Tenerife is an island of contrasts. Mount Teide at 3,718m dominates, and also defines the climate which is completely different on the north and south sides of the island. The volcano catches clouds that blow in from the Atlantic and this makes the north side of the island much more humid and rainy. The lush green north has a tropical feel with its banana palms and brilliant flowers. The drier south side of the island on the other hand is an arid moonscape, peppered with holiday complexes and theme restaurants. Luckily we were headed for the north to Suertes del Marques to check out their new cellar (pictured above).
Owner Jonatan Garçia Lima is part of the growing breed of intensely passionate producers who are looking to the island’s winemaking heritage, restoring old vineyards and working with lesser known grape varieties. The estate has some incredibly old, low-yielding vines which have to be seen to be believed. The vineyards at Finca El Esquilón are planted on a steep slope of the Orotava Valley. Driving up towards the winery felt like we were strapped into a rocket headed for the stratosphere!
El Esquilón vineyard with 80 year old Listán Negro. Jonatan welcomes us to the winery.
Jonatan is a natural host, he welcomed everyone and led an eager crowd of wine importers, somms, journalists and winemakers up to a terrace with a birds-eye view of their plots. He started by explaining a bit of the background and history of winemaking on the island. Valle de la Orotava is one of five appellations on Tenerife, the others are Ycoden Daute Isora and Tacoronte-Acentejo in the north and Abona and Valle de Güímar in the south. Vines were originally brought over to Tenerife in the 15th and 16th centuries on boats from Portugal and Spain which stopped at the island on their way to the New World. At that time wines from the region were mainly exported to the UK, Shakespeare mentions ‘Canary wines’ in several of his plays. They had to be fortified to survive the journey.
“There’s a lot of history with Tenerife Wines, winemaking isn’t new to us”.
There is a variety of soils across the Orotava Valley, in the east the soil is clay rich and Listán Negro makes up 95% of plantings. In the west nearer Teide the soil is more volcanic and Listán Blanco makes up 95% of plantings. Soil type also changes as you move down the slopes – red loamy clay in the highest vineyards and paler sandy loam towards the lower sites such as El Ciruelo and El Esquilón at 450-550 metres. Suertes own nine hectares of vineyards and rent a further two. In addition the grapes for 7 Fuentes and El Lance come from plots across the Orotova valley, where Jonatan works with a number of growers. There are hundreds of small plots across the valley, this is due to traditional inheritance laws which split family land equally between sons. The name ‘Suertes’ refers to these little plots of land, individually owned by local families.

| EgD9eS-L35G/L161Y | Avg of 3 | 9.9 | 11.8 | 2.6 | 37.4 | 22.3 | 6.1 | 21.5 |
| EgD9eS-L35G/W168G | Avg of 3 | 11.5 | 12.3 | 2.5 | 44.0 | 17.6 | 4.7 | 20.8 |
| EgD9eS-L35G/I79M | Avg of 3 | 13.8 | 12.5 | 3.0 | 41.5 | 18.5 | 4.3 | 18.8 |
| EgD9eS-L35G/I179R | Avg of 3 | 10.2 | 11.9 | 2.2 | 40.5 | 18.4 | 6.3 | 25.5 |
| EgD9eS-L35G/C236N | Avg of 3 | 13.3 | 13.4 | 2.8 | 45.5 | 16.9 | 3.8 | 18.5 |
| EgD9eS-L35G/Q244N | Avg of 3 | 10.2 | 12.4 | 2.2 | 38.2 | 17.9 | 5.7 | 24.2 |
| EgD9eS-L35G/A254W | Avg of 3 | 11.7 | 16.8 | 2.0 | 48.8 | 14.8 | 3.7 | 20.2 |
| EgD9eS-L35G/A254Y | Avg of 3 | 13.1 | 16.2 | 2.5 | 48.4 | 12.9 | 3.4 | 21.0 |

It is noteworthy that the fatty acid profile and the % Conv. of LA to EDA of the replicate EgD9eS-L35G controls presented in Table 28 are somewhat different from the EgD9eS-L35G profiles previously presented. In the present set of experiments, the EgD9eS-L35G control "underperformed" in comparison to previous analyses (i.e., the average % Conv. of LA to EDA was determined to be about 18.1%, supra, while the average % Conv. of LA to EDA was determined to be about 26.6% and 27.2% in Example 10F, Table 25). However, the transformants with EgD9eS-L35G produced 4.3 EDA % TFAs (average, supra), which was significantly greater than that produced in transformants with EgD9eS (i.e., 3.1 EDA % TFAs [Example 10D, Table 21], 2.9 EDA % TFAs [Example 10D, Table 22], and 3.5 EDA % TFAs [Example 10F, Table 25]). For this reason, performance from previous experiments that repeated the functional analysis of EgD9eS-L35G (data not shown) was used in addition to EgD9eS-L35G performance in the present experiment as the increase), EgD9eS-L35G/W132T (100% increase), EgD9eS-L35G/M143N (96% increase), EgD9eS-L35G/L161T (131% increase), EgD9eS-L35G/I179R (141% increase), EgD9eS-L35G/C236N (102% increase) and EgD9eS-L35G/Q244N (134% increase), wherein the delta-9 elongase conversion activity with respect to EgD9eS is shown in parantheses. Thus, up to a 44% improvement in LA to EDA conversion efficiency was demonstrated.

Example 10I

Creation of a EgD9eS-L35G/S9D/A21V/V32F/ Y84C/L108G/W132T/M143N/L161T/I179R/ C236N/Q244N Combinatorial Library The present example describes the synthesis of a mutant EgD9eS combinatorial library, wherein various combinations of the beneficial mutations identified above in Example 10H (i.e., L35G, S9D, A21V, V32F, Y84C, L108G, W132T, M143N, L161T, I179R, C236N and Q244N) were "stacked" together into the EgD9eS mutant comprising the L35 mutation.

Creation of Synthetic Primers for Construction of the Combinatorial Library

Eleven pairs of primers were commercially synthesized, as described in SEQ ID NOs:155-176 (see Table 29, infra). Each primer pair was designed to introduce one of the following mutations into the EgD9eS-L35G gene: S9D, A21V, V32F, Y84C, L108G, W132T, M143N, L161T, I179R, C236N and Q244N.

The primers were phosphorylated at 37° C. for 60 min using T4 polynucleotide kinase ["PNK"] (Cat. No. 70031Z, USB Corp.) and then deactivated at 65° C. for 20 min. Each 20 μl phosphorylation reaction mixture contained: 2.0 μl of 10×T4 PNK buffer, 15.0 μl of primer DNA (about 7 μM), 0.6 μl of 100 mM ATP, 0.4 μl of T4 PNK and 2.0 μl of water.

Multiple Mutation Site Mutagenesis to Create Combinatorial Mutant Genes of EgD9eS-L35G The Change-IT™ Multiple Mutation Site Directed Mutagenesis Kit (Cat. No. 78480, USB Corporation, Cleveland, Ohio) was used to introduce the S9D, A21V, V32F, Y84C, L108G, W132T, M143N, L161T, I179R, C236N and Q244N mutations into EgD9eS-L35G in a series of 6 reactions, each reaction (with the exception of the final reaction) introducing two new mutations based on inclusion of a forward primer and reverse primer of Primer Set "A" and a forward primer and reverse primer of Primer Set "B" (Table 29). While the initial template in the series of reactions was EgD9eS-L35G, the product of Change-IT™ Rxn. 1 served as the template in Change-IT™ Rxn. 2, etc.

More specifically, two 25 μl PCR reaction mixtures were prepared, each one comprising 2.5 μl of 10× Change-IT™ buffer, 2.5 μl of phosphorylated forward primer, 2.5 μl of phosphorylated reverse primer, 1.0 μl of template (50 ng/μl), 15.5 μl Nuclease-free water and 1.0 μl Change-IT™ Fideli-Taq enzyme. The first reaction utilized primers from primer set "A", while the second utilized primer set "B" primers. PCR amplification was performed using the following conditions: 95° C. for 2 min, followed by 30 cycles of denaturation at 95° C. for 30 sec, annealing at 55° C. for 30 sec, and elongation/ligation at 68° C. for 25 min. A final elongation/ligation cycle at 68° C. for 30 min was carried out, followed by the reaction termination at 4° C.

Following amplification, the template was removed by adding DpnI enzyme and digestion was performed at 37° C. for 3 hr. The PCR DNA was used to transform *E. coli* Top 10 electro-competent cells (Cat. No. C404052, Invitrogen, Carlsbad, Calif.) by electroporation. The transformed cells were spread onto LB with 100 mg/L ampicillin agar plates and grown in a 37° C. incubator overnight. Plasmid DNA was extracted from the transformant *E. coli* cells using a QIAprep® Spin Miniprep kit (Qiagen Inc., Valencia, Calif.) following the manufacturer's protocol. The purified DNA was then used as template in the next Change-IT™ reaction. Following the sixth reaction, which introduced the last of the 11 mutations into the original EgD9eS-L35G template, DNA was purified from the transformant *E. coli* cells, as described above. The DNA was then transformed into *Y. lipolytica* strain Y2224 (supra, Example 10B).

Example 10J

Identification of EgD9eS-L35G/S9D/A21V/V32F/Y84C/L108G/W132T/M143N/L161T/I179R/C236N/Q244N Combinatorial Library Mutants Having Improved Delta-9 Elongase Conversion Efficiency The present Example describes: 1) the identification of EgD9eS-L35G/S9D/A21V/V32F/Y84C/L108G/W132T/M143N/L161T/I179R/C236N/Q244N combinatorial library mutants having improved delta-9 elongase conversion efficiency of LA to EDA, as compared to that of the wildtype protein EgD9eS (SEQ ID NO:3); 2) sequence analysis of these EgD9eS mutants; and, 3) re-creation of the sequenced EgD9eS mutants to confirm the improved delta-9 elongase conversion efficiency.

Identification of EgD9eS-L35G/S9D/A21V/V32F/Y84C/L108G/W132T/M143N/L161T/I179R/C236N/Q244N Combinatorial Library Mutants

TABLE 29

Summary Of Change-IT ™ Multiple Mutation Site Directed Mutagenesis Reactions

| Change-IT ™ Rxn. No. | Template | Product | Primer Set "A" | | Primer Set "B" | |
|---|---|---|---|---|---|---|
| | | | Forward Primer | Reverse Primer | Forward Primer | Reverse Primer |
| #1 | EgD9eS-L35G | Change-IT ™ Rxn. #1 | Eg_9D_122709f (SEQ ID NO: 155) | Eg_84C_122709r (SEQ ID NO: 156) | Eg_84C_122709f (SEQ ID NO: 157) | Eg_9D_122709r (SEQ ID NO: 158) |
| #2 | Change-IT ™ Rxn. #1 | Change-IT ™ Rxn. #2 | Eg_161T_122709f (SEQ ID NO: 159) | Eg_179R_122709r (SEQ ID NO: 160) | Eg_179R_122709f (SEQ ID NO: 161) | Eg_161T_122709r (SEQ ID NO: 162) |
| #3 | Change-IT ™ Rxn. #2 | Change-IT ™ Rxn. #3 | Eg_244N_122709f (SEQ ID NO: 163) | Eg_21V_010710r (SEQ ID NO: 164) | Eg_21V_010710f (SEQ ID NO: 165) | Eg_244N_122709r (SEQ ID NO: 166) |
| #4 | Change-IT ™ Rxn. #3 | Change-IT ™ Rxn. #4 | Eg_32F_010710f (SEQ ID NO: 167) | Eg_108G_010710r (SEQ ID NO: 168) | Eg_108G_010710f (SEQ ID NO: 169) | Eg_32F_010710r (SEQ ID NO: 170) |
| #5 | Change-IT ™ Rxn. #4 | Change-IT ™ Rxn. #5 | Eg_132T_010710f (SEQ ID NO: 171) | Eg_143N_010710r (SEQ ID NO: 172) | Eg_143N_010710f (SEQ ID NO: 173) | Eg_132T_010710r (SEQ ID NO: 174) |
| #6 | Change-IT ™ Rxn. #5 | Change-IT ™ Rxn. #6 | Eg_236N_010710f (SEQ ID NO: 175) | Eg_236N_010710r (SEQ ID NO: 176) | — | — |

The vines on Tenerife are un-grafted, phylloxera didn’t take hold here which Jonatan attributes to their isolation.
“Nobody brought international varietals over here, so phylloxera didn’t make it to the Orotava Valley”.
The thing about the vineyards here that strikes you most is that many of the Suertes vines in the Orotava Valley are grown in a trellising system called Cordon Trenzado. It’s rare, in fact the valley is home to most of the Cordon Trenzado vines in existence. Vine branches are plaited together and supported on stakes, and eventually grow into gnarly arms, sometimes several meters in length.
Heading down the steep hill past El Esquilón. Close up of one of the plaited arms in Hacienda las Cañas.
There’s a long growing cycle in the valley. The winters aren’t cold so vines wake up early and the summers aren’t really hot up on the hillside so ripening is gradual. Jonatan described it as “Like slow-cooking food”